The old adage about getting what you pay for rings less and less true all the time when it comes to earphones. Need proof of that? Just look at Tribit’s new true wireless earbuds. The FlyBuds 1 ($35.99 at Amazon) are designed to fit securely yet comfortably even during strenuous activities, including sweating in the gym, swimming and running in the rain thanks to their IPX8 waterproof rating. Add to that six hours of continuous playback and 30 hours of playback between charges thanks to the included charging case, and it would have been unimaginable to expect this generous a feature set for this little money just a few years ago.
Tribit includes six different pairs of soft ear tips with the FlyBuds 1, and after trying all of them, I found the size that was both most comfortable and secure for me.
It didn’t take much listening after that to realize that overall sound quality is surprisingly excellent. Plenty of bass that never steps on the mids, which are detailed and present. The high frequencies are clear and never shrill or harsh. I listened for hours to all genres of music before switching to a podcast, and then tried them while watching a movie.
Thanks to their reliance on Bluetooth 5.0, there were no lip sync issues when watching video or playing mobile games. Another benefit of Bluetooth 5.0 is extended range and battery life. The stated range from Tribits’ website is thirty-three feet — which is pretty standard for Bluetooth — and my walk test confirmed at least that distance, so no complaints in this department.
The FlyBuds 1 paired quickly and easily and you can use just one if you like. They 1 have what Tribit call Symmetrical Design, which supposedly means that the right and left cases are interchangeable. So how do they know which one should get the right stereo information and which one should get the left? In fact, they don’t. I switched back and forth between the FlyBuds 1 and my two-channel desktop system while listening to Steve Miller Band’s “Jet Airliner,” which has a signature guitar track panned hard right, and the FlyBuds 1 initially had that track where it should be: Hard right. But when I switched the one that was in my right ear with the one that was in my left, the stereo image was reversed, so unless you take note of which one is actually the right one, you may not be getting the stereo image the way it is intended.
Since The FlyBuds 1 only cost $35.99, this is wholly forgivable. If you’re watching a movie and the bullets are flying left but you are hearing them fly right, just pop them out and switch them around. I understand some may find this unacceptable, but I just don’t see this as a deal breaker considering how great the FlyBuds 1 sound and all the features and benefits you get for the money.
The buds themselves will give you six hours of continuous listening with another four full charges waiting for you in the case, for a total of 30 hours before you will need to hunt around for a wall outlet. The case can charge via USB-C, and there is an included USB-C to USB-A cable or you can set these down on any Qi-certified wireless charger. If you need a quick re-charge, ten minutes will get you one hour of playtime. For a full charge, placing the FlyBuds 1 in the case for 70 minutes will get the job done or 80 minutes to fully charge the case.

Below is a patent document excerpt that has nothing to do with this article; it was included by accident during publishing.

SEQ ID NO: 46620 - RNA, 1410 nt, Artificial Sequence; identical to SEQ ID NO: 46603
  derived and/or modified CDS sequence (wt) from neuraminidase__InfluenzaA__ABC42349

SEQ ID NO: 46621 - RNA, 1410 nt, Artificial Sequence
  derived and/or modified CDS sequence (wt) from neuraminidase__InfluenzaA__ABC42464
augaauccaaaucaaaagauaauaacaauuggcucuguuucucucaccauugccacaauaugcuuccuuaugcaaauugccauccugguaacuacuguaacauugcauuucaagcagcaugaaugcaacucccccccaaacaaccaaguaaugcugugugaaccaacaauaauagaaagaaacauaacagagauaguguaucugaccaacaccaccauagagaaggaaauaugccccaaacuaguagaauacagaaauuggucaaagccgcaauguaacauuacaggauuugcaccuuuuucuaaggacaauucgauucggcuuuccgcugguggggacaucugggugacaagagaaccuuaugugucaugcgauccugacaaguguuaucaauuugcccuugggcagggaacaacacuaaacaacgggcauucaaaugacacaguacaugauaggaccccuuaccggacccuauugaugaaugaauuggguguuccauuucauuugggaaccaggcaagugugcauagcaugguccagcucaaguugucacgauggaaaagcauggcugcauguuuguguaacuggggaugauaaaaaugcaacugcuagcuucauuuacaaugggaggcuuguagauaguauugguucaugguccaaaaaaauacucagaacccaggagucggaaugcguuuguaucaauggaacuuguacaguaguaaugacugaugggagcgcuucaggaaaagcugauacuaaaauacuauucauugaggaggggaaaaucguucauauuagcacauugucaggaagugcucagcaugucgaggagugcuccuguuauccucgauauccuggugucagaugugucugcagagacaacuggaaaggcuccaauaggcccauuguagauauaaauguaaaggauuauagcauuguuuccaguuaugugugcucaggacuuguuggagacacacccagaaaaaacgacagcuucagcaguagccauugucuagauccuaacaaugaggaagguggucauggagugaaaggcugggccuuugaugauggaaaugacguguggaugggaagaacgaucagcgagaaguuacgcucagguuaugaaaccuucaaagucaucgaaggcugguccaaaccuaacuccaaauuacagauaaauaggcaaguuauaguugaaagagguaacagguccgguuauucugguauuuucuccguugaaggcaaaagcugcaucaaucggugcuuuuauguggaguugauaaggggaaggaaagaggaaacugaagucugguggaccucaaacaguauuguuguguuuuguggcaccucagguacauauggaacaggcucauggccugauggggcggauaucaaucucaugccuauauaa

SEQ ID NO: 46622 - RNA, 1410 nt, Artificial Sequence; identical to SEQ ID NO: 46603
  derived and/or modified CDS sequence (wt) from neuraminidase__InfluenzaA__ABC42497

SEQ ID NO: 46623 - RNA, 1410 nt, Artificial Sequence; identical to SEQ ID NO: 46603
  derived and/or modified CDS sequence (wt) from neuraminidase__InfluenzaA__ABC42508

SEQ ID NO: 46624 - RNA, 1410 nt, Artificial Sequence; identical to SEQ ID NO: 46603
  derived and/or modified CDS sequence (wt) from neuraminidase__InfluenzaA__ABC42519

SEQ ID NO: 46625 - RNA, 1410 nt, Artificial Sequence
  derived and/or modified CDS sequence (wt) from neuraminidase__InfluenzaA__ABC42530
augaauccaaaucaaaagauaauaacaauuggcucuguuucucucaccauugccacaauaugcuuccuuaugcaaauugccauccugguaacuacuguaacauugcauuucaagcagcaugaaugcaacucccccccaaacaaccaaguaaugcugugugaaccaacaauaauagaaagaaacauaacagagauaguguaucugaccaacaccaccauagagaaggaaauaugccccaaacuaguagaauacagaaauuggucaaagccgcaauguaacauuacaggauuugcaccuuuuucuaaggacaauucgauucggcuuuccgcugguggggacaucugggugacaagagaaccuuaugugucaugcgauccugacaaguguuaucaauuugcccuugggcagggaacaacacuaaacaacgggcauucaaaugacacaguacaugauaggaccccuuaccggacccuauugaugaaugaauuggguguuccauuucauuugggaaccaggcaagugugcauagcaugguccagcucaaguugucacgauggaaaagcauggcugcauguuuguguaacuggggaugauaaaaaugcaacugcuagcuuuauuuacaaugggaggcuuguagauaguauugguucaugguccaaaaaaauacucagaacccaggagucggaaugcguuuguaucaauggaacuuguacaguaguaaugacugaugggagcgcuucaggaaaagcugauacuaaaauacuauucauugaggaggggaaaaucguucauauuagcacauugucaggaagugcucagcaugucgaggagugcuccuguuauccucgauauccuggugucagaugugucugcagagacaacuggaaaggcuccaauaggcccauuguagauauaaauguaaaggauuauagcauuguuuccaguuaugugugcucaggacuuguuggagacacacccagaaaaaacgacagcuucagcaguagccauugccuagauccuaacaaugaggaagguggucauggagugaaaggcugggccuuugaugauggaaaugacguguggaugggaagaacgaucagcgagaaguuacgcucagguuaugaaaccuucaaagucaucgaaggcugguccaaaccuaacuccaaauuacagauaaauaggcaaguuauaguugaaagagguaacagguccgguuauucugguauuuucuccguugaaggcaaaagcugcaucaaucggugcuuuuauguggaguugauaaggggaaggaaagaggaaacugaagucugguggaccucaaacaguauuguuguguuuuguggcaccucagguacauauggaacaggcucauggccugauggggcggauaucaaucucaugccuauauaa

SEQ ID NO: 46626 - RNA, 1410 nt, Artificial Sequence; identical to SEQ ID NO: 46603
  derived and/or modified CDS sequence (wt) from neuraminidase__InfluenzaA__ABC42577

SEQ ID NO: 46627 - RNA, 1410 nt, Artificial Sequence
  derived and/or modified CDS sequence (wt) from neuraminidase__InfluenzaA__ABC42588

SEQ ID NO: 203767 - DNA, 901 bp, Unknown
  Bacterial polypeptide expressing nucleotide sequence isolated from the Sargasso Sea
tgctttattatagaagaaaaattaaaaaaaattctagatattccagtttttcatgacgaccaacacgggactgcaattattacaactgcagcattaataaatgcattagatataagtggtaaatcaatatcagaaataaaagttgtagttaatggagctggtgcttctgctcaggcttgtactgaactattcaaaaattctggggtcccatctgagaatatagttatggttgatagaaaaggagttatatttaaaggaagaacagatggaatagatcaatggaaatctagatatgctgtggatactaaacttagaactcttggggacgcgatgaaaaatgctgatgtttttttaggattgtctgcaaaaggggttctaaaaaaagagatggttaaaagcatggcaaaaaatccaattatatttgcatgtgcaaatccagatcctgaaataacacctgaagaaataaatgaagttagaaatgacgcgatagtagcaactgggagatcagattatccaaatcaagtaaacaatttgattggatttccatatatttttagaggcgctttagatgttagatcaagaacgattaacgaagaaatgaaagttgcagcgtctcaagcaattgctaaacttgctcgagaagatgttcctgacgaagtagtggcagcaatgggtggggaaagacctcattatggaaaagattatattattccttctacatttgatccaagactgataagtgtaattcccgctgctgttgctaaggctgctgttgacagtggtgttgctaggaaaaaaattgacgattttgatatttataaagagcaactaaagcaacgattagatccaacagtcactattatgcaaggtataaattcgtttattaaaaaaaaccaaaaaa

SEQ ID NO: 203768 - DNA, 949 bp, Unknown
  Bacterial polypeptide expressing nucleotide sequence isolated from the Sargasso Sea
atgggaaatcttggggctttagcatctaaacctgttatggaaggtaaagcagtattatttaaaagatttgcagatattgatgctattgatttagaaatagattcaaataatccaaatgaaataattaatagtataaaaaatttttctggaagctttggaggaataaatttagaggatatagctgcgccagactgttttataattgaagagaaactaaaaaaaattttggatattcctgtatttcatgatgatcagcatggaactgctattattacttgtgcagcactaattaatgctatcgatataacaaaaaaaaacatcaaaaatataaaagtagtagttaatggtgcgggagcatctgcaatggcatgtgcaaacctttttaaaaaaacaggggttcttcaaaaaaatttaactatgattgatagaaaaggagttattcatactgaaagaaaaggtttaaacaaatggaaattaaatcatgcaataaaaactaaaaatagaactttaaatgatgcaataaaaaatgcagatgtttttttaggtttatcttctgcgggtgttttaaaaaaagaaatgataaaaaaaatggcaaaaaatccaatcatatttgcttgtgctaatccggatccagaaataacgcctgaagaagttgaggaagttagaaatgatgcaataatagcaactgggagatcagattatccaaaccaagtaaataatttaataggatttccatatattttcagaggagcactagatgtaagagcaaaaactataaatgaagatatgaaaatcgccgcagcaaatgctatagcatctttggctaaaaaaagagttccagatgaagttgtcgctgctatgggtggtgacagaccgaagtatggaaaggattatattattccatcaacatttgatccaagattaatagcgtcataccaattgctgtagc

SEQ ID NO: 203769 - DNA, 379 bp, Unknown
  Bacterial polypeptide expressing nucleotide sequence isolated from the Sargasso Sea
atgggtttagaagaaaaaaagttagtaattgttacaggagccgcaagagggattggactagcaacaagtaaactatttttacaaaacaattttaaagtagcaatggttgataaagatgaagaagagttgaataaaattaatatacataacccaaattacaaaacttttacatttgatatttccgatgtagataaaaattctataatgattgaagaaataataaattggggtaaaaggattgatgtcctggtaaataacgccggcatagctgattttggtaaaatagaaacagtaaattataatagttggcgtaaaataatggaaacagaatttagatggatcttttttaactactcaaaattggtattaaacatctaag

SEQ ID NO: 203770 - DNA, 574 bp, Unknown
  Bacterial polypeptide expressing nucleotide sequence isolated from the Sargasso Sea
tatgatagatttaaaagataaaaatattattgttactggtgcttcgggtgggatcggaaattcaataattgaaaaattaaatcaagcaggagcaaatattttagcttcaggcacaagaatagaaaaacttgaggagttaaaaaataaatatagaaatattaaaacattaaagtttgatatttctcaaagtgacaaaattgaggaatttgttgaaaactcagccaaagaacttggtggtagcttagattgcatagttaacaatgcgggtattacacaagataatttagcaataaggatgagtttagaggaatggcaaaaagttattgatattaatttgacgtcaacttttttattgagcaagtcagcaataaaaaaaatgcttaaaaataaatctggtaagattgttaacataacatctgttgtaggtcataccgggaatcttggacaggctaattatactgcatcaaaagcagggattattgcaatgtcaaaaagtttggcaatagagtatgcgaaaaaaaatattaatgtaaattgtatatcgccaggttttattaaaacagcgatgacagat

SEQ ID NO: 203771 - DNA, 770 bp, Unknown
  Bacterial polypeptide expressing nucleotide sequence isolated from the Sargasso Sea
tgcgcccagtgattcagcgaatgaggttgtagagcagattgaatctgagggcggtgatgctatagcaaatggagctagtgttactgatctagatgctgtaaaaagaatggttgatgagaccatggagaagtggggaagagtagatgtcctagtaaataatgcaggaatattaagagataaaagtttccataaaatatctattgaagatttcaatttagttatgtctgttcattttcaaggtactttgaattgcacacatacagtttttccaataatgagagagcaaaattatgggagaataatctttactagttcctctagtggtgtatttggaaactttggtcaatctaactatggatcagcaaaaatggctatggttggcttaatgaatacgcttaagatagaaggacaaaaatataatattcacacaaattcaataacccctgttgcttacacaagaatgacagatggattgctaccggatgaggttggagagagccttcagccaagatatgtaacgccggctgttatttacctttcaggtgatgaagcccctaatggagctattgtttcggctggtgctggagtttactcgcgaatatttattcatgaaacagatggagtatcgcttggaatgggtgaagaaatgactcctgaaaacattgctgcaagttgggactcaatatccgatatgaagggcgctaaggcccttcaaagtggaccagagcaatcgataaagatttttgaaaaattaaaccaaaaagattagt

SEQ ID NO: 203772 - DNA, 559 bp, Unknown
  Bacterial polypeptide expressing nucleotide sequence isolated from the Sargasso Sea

Speaking of the FlyBuds 1’s battery case, it has a loop that can be used with a carabiner for attachment to a backpack or belt loop or purse. There is also an included wrist strap that can be used in conjunction with the loop to make carrying the case even easier. The case only measures two inches in diameter and just an inch and a half high, which means it will also fit in most people’s pockets.
Inside, there is a four-segment LED battery charge indictor, which, at this price point is certainly not a given. There is a confidence-inspiring click heard when re-inserting the buds back in their cradle thanks to a magnet employed to insure a solid connection to the charging case. Removing them from the case powers them on and replacing them in the case turns them off.
Play / Pause, Answer / Hang up calls / Reject calls, Skip to the next song and activating the voice assistant associated with your device are all accessible via gentle presses on either earbud, and are intuitive and consistent. From the Tribit website:
Having to press hard on keys means squishing your earbud further into your ear which can be uncomfortable to say the least. That’s why these earbuds were developed to depress the buttons using only 4.23 oz of pressure (others require more than 5.64 oz). It’s also more accurate than touch controls so you’ll never have accidental button presses.
That’s really nice and yes, it works as advertised.
The Anker Soundcore Life P2 offer essentially the same features and benefits, including IPX7 waterproof rating that is just a step down from the IPX8 rating of the FlyBuds 1, but with an extra hour of playtime and a form-factor more akin to Apple AirPods Pro. Anker’s charging case is not Qi wireless charging compatible, but the Life P2 offer noise reduction technology that optimizes call clarity, a feature not found on the FlyBuds 1. The Life P2 call quality may be better in windy conditions.
The TaoTronics Soundliberty 97, like the FlyBuds 1, carry an IPX8 waterproof rating and sport a similar form factorm but have even longer playtime than the Life P2 at nine hours between charges. Like the P2, the Soundliberty 97 offer noise reduction for enhanced call clarity. The battery case does not support Qi wireless charging.
There are a lot of wireless earbuds available right now with similar features and even some that are as affordable as the FlyBuds 1, but there aren’t any that combine all the features and benefits found here, in a form factor this attractive. They are comfortable, portable, wireless, and waterproof, but above all, they sound very, very good.